A pair of conduits 224 and 226 communicate between cooker 218 and apparatuses 216 and 220, respectively, for delivering steam from the cooker to the apparatuses to thereby equalize the pressure within the apparatuses to the pressure within the cooker. A second pair of conduits 228 and 230 communicate between a heat exchanger 232 and apparatuses 216 and 220, respectively, for delivering water vapor from the apparatuses to the heat exchanger to thereby equalize the pressure within the apparatuses to the pressure within the heat exchanger. The interior of heat exchanger 232 is maintained at ambient pressure, thus, when conduits 228 and 230 are opened the pressure within apparatuses 216 and 220 is equalized to ambient pressure. Water vapor from apparatuses 216 and 220 is recondensed in heat exchanger 232 to provide makeup water for boiler 217.

The quality of parboiled rice is known to be directly related to the pressure at which the rice is cooked. Generally, higher cooking pressures produce a better quality finished product.

Heretofore cooking pressures have been limited by the lack ofa suitable means for introducing and removing the rice from the cooker while maintaining the hermetic integrity thereof. The rotary valves which have been used for this purpose are subject to the operating and maintenance difficulties discussed above. These difficulties are magnified if cooking pressures even slightly greater than ambient pressure are employed.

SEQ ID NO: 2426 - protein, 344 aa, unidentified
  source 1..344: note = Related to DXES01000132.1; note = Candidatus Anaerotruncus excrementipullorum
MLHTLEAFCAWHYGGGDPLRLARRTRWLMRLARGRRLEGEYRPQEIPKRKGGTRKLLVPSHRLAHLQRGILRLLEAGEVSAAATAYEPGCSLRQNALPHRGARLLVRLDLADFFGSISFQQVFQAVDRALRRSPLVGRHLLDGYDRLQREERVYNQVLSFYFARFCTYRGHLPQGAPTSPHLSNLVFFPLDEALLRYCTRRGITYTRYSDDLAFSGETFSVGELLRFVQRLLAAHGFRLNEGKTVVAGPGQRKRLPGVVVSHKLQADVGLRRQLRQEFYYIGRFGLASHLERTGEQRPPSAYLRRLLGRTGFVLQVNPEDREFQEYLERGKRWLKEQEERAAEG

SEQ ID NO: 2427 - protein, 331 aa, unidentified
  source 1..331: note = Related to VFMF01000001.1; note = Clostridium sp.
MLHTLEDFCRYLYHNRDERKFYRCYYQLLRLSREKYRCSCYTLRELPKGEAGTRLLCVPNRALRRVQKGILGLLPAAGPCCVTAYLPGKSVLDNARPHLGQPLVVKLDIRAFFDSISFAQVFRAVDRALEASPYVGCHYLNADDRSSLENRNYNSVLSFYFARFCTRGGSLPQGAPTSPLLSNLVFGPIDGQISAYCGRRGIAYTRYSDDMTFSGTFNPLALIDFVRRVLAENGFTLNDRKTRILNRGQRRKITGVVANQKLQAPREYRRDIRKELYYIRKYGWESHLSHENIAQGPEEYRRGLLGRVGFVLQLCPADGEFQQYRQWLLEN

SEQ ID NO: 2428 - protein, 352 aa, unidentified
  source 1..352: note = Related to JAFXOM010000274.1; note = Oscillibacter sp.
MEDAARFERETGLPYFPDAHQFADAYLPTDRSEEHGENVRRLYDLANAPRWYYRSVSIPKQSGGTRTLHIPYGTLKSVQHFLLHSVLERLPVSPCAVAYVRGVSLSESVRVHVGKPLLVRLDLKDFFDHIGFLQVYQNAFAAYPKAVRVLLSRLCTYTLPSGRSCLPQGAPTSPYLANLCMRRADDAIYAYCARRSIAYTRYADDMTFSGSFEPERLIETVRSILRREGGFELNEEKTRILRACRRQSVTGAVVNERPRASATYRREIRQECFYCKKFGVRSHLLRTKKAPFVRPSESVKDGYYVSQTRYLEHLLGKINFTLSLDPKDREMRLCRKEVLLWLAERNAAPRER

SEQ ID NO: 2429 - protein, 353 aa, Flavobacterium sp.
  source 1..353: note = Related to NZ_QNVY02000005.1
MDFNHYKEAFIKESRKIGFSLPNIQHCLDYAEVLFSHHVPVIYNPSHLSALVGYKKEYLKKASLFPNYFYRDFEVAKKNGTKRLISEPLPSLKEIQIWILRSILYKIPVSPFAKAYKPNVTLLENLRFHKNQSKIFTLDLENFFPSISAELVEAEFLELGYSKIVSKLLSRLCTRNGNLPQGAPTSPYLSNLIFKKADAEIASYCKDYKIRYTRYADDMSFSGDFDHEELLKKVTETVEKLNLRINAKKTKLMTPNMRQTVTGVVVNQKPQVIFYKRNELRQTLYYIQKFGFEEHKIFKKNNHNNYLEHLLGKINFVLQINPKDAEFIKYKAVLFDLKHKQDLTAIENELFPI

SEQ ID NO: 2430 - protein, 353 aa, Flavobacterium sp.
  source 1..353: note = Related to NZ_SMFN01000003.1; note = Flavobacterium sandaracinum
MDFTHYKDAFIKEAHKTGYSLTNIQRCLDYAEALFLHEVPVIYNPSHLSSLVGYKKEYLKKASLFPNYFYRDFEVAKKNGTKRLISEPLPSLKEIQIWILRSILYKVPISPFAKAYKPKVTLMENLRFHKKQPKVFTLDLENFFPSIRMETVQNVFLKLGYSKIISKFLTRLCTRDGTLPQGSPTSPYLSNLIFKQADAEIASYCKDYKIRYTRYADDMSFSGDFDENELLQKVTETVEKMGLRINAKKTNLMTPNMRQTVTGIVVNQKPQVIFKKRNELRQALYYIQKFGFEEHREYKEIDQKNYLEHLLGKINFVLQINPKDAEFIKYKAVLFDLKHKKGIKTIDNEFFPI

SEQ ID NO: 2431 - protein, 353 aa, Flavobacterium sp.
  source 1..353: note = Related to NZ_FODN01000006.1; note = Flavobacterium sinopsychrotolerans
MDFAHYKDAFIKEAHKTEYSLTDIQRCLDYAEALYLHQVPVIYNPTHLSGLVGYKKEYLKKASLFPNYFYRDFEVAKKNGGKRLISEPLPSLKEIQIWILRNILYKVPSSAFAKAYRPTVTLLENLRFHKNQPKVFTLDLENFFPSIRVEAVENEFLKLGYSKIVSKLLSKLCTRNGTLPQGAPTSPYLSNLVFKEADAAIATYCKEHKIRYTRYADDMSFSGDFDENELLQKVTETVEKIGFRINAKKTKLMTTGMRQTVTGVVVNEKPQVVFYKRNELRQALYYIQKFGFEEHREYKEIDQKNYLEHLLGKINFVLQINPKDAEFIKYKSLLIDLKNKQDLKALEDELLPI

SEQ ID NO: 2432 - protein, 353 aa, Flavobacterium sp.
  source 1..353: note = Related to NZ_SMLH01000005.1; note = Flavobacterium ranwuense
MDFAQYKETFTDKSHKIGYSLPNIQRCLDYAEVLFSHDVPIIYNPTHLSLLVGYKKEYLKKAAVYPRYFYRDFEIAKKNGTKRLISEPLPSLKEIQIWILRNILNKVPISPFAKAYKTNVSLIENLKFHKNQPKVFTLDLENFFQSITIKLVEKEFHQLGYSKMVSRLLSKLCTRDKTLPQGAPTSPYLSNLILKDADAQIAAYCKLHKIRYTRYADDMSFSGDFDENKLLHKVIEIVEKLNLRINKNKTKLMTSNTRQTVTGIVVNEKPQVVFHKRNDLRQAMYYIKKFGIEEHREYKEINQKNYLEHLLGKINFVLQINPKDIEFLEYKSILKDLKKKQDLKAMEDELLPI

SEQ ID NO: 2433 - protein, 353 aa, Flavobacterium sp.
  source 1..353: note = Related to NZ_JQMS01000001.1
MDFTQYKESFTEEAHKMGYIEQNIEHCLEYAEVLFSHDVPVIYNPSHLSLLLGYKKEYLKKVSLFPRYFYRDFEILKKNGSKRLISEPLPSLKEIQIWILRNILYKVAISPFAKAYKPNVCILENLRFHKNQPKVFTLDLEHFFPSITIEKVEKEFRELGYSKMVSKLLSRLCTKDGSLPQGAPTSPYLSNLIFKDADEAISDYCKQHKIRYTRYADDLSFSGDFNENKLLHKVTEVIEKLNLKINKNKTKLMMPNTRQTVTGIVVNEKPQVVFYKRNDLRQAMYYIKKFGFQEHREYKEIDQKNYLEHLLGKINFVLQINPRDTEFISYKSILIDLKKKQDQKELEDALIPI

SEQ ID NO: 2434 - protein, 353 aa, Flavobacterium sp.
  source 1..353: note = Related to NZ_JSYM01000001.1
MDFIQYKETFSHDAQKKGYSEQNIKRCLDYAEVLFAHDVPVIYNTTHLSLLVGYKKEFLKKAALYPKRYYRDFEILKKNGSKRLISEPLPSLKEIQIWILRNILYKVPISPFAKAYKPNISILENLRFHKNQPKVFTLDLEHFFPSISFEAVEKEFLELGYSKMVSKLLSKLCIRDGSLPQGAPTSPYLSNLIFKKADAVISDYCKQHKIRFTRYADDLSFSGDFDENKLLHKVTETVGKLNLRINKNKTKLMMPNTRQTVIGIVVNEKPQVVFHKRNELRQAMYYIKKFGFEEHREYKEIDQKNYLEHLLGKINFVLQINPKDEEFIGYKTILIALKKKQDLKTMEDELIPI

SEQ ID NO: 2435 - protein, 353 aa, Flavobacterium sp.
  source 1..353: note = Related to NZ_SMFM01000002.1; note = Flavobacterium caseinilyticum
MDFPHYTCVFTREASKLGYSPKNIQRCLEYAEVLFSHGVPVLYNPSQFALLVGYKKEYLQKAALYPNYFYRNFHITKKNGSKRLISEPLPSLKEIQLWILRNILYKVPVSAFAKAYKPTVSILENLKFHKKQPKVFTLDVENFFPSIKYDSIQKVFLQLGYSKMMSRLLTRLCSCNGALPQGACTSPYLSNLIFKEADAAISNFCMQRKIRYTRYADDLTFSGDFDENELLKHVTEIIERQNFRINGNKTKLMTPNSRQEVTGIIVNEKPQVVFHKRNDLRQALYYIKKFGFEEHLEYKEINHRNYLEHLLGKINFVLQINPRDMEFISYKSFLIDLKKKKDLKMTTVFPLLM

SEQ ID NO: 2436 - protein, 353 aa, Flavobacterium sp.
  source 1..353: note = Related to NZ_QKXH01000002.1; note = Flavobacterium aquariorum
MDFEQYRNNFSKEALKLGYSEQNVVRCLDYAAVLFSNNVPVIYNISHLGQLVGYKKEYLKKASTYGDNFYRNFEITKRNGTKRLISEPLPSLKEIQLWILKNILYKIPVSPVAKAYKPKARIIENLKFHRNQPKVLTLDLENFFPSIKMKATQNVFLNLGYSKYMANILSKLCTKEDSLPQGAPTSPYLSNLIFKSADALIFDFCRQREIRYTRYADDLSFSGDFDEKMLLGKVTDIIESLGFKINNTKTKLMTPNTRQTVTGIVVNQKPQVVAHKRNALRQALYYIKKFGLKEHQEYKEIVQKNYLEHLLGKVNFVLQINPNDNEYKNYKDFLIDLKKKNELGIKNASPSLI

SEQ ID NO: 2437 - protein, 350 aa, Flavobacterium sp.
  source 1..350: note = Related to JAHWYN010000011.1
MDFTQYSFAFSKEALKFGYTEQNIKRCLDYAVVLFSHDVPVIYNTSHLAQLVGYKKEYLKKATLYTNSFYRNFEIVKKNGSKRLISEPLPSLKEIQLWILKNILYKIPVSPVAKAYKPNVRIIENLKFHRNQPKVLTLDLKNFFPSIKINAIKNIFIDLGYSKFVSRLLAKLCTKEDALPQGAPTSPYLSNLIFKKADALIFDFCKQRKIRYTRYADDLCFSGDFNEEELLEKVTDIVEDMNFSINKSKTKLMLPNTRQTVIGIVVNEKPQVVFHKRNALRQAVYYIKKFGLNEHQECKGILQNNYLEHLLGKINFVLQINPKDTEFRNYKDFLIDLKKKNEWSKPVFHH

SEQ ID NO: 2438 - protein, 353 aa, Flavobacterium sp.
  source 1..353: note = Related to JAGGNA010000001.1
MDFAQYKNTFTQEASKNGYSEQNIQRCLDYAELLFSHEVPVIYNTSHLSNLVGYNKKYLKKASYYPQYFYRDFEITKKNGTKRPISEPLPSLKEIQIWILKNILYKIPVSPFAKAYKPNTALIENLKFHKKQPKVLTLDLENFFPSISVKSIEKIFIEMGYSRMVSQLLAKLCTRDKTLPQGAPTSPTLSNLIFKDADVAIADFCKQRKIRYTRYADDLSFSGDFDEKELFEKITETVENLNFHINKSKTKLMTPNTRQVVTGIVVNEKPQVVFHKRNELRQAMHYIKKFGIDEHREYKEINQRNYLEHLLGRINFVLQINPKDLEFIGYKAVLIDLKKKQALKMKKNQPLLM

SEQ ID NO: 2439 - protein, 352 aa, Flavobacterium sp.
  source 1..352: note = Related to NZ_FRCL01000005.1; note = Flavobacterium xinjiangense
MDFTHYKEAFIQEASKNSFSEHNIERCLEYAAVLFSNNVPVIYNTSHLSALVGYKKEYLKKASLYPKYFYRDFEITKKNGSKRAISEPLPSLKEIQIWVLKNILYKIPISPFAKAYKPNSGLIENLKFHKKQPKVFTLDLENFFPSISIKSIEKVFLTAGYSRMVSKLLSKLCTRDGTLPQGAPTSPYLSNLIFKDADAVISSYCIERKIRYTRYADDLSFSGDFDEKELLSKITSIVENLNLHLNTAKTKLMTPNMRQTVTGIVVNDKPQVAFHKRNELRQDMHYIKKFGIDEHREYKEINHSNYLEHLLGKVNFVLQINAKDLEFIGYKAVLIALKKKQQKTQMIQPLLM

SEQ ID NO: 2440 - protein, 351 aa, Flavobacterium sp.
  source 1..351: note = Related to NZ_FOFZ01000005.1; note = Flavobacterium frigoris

Such difficulties are obviated by the use of apparatuses 216 and 220, which, as described above with respect to apparatus 10, are ideally suited for transferring rice into and out ofsteam pressurized cooker 218. In operation apparatuses 216 and 220 sequentially introduce and remove rice from the cooker on a continuous basis to provide the desired rate of product flow.

After the rice is discharged from apparatus 220 onto conveying means 222, it is delivered by the conveying means to a pair of tandem-operated rotary dryers 233. Dryers 233 conveniently comprise conventional forced flow hot air dryers in which the moisture content of the cooked rice is reduced.

From dryers 233, the rice is transferred by a suitable conveying means 234 to a series of tempering bins 236 and bin dryers 238. The tempering bins and bin dryers are alternated so that the rice passes serially from a tempering bin into a dryer and from a dryer into a tempering bin. The process shown in FIG. 5 employs four tempering bins 236 and four bin dryers 238, but it will be appreciated that a greater or lesser number of either may be employed if desired. The rice is transferred between the tempering bins and bin dryers by suitable conveying means 240, and after passing through the final drying state is transferred to a milling process or storage bin by a suitable conveying means 242.